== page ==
Flip-flop over small savings schemes shows lack of economic thinking

Narendra Modi government’s flip-flop over small savings schemes shows its casual approach towards important economic issues and disregard for the interests of its core constituency—the middle class

Rajesh Dikshit |

Finance Minister Nirmala Sitharaman

Finance Minister Nirmala Sitharaman (PIB)

The Narendra Modi government’s flip-flop over small savings schemes shows its casual approach towards important economic issues. Also, it exhibits the ruling dispensation’s disregard for the interests of its core constituency—the middle class.

It is mostly middle class people who have invested in such schemes. The return on Public Provident Fund or PPF was slashed to 6.4 per cent from 7.1 per cent, on National Savings Certificate to 5.9 per cent from 6.8 per cent, and on the girl child savings scheme Sukanya Samriddhi Yojana to 6.9 per cent from 7.6 per cent. Similarly, rates on time bank fixed deposits were brought down from 5.5 per cent to 4.4 per cent. Ditto for Senior Citizen Savings Schemes, from 7.4 per cent to 6.5 per cent, and Kisan Vikas Patra from 6.9 per cent to 6.2 per cent.

Within 24 hours, however, the government rolled back its decision on the revised rates. “Interest rates of small savings schemes of the government of India shall continue to be at the rates which existed in the last quarter of 2020-2021, ie, rates that prevailed as of March 2021. Orders issued by oversight shall be withdrawn,” Finance Minister Nirmala Sitharaman tweeted today morning.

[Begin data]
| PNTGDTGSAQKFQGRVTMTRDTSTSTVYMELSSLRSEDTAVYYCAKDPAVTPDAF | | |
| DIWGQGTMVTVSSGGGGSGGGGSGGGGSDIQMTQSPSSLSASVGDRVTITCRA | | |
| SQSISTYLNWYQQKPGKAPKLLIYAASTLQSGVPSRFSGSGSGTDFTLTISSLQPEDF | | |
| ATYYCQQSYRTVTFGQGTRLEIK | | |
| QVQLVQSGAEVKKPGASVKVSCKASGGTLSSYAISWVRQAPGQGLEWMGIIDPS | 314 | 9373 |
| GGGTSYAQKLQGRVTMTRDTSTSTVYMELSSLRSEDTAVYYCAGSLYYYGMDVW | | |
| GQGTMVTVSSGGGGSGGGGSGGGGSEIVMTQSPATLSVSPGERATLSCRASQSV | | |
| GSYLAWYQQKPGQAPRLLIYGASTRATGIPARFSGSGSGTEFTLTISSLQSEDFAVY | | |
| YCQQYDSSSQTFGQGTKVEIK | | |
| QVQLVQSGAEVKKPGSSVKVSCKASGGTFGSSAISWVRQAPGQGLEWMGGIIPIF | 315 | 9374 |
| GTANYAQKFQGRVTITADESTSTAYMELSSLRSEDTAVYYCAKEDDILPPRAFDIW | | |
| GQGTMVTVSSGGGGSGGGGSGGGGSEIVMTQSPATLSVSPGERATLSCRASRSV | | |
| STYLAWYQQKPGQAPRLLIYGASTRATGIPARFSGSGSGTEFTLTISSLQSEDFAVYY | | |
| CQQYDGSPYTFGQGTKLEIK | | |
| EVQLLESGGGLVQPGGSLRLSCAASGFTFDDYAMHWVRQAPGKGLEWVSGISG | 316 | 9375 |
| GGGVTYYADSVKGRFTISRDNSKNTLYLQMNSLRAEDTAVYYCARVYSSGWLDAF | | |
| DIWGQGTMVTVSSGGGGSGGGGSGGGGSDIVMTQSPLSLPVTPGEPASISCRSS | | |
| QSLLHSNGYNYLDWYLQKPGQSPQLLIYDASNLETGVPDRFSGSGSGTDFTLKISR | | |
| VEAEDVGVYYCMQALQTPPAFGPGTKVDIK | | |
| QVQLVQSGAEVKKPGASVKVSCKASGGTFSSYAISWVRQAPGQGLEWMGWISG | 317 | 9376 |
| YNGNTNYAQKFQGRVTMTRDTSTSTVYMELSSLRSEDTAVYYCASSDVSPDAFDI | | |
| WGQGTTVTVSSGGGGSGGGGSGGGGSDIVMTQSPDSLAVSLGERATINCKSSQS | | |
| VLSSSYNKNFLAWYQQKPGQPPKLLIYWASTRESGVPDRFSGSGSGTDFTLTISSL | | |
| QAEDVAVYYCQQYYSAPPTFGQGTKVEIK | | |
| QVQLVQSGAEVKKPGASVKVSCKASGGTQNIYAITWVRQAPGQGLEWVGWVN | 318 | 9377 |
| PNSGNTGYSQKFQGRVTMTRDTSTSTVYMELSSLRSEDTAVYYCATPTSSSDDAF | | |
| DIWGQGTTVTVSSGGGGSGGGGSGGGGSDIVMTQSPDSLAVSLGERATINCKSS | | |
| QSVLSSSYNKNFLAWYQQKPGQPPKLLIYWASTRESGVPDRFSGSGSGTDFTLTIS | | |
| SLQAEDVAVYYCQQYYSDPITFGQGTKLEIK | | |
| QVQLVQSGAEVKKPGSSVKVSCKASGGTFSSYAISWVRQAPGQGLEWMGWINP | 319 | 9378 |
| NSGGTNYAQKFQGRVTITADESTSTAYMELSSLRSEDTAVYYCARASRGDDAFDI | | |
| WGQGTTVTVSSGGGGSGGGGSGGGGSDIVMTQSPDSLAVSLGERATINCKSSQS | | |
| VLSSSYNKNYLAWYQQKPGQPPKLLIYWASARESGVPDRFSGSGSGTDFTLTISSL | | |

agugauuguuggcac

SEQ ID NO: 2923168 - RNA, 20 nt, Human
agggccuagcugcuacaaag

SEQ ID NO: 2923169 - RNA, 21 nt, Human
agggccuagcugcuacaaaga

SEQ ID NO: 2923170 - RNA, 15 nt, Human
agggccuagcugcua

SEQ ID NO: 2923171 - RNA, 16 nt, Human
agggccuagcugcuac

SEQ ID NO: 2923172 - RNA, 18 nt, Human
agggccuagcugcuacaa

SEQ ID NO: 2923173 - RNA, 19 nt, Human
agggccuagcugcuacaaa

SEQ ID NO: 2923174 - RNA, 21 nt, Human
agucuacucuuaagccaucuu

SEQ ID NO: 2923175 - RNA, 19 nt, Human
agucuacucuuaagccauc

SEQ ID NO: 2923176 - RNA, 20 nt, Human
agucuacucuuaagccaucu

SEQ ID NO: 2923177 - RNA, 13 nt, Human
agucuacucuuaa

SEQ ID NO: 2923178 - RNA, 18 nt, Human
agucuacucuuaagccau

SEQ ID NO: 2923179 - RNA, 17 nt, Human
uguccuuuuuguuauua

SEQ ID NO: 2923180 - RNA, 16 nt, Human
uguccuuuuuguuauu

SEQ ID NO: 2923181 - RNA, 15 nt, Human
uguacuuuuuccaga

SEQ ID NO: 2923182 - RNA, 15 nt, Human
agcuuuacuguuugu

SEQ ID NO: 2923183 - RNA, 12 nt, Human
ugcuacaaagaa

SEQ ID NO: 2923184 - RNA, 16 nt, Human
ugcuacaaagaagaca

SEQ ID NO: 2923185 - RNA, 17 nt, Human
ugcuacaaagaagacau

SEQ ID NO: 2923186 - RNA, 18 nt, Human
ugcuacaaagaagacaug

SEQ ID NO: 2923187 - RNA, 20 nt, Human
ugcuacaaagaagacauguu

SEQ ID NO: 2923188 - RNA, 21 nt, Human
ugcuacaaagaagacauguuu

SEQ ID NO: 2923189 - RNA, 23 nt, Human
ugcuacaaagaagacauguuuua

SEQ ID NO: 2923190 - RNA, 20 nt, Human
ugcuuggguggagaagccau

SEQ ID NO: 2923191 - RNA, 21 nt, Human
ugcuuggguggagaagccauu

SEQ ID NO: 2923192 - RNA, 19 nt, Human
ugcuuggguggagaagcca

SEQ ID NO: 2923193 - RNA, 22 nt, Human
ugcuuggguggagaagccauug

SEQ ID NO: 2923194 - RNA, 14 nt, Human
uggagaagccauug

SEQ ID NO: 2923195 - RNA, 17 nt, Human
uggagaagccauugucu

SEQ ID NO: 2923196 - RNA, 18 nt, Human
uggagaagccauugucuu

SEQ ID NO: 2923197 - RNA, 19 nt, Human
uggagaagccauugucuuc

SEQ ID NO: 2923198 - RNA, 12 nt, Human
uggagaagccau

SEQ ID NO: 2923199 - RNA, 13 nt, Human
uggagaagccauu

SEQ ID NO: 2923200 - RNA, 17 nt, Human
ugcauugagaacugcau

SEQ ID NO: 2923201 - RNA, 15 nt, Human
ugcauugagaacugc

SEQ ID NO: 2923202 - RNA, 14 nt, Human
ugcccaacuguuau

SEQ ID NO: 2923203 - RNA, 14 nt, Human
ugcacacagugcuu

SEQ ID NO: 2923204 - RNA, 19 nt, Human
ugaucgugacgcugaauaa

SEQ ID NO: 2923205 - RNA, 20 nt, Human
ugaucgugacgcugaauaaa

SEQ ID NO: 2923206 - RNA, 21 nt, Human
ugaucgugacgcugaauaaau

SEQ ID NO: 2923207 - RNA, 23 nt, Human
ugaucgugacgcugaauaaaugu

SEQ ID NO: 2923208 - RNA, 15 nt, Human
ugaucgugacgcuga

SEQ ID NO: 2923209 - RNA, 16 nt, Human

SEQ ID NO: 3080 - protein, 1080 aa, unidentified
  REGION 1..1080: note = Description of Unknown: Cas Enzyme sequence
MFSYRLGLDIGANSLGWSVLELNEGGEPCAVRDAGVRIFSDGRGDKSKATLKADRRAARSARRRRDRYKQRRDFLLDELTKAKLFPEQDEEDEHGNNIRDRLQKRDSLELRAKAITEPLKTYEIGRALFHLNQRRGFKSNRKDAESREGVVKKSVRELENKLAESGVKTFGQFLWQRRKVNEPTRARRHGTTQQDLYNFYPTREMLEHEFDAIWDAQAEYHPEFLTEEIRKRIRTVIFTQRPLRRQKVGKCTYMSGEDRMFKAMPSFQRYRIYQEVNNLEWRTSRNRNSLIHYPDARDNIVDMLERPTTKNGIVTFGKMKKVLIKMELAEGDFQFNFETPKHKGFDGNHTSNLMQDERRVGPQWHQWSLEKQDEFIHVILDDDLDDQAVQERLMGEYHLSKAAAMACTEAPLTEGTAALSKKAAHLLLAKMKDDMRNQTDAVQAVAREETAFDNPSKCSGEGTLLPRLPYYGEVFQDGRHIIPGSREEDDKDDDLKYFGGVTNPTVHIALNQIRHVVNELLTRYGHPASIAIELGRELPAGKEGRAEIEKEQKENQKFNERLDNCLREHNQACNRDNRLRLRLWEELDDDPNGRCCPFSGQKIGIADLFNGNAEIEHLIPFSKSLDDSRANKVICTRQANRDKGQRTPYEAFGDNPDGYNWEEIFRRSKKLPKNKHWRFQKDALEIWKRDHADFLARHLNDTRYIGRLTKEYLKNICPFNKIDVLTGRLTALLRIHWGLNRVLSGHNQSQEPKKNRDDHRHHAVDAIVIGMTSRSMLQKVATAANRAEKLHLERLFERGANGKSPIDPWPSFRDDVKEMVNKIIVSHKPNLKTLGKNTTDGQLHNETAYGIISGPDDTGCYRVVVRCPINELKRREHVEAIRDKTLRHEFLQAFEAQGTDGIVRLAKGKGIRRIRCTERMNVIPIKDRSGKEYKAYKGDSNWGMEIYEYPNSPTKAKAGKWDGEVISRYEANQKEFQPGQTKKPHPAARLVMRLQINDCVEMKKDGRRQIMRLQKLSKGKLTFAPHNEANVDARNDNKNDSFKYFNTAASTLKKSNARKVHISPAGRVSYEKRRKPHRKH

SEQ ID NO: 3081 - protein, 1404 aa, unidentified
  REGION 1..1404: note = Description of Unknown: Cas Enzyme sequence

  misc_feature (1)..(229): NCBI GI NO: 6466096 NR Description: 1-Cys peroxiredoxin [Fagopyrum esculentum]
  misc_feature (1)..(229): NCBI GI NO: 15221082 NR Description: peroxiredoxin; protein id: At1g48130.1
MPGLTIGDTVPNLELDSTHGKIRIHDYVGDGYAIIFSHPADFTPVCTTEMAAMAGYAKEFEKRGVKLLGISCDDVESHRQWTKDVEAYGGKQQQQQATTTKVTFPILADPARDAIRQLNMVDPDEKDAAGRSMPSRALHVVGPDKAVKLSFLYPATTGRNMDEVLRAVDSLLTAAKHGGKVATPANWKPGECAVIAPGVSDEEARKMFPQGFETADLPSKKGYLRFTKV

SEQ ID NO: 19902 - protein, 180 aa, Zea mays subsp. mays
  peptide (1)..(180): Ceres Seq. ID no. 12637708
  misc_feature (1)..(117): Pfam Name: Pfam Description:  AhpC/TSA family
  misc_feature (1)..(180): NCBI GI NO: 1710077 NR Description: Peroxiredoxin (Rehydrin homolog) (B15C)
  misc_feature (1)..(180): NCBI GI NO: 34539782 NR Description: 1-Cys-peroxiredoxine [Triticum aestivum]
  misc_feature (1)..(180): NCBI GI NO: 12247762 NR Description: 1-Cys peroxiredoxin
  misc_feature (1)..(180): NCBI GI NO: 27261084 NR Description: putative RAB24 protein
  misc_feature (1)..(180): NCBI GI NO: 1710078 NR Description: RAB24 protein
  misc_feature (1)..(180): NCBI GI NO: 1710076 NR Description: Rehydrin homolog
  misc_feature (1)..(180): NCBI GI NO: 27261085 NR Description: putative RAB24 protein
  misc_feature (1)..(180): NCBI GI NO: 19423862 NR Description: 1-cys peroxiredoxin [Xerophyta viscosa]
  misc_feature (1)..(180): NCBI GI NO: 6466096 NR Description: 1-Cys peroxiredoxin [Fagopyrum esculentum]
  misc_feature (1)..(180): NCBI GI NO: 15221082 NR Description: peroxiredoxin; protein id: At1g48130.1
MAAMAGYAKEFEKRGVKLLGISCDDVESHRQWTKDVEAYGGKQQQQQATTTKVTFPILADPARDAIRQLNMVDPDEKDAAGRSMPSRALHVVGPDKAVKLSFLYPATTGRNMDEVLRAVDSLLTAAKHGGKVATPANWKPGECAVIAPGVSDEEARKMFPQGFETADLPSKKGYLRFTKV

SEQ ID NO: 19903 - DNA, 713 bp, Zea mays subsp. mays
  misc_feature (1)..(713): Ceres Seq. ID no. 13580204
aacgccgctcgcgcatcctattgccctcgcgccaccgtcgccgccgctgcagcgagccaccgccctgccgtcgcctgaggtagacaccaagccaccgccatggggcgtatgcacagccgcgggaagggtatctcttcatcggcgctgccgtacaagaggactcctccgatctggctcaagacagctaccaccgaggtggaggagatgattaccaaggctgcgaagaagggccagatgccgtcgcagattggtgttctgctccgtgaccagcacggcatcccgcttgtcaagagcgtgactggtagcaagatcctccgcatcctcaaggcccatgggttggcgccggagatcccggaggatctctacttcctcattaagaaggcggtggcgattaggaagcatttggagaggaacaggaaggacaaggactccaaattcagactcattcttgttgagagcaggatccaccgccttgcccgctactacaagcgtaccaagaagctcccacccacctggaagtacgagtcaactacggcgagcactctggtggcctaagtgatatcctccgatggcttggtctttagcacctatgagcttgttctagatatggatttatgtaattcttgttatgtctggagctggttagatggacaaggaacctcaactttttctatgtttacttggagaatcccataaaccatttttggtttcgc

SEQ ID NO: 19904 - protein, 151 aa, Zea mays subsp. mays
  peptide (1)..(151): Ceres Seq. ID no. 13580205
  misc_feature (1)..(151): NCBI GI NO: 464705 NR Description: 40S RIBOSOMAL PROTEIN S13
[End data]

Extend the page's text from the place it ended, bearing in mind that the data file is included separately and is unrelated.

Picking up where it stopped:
One need not be a political commentator to guess the cause of the rollback: this seems to have happened because of the ongoing elections in four states and the Union Territory of Puducherry. A ruling party that loudly claims to be the champion of ordinary people cannot afford to anger Middle India at a time when Assembly polls are being contested fiercely, especially in West Bengal and Assam.

Few will be surprised if the rate cut orders are brought back after the state elections. For the government is fiscally stressed. Even before the coronavirus, the economy was slowing down; the ill-advised, nationwide lockdown brought it to a halt.

Worse, the Modi regime has not lived up to the promise of ‘maximum governance, minimum government.’ Dirigisme continues to hold sway; instead of ushering in radical decontrol, the government empowered its agencies which were never known for being business-friendly. Unsurprisingly, not many investors have put in their money in the country.

There is little economic thinking in the government. It looks like taxmen are calling the shots. Hence the proposal to cut interest rates of small savings schemes—the proposal that is likely to be revived.

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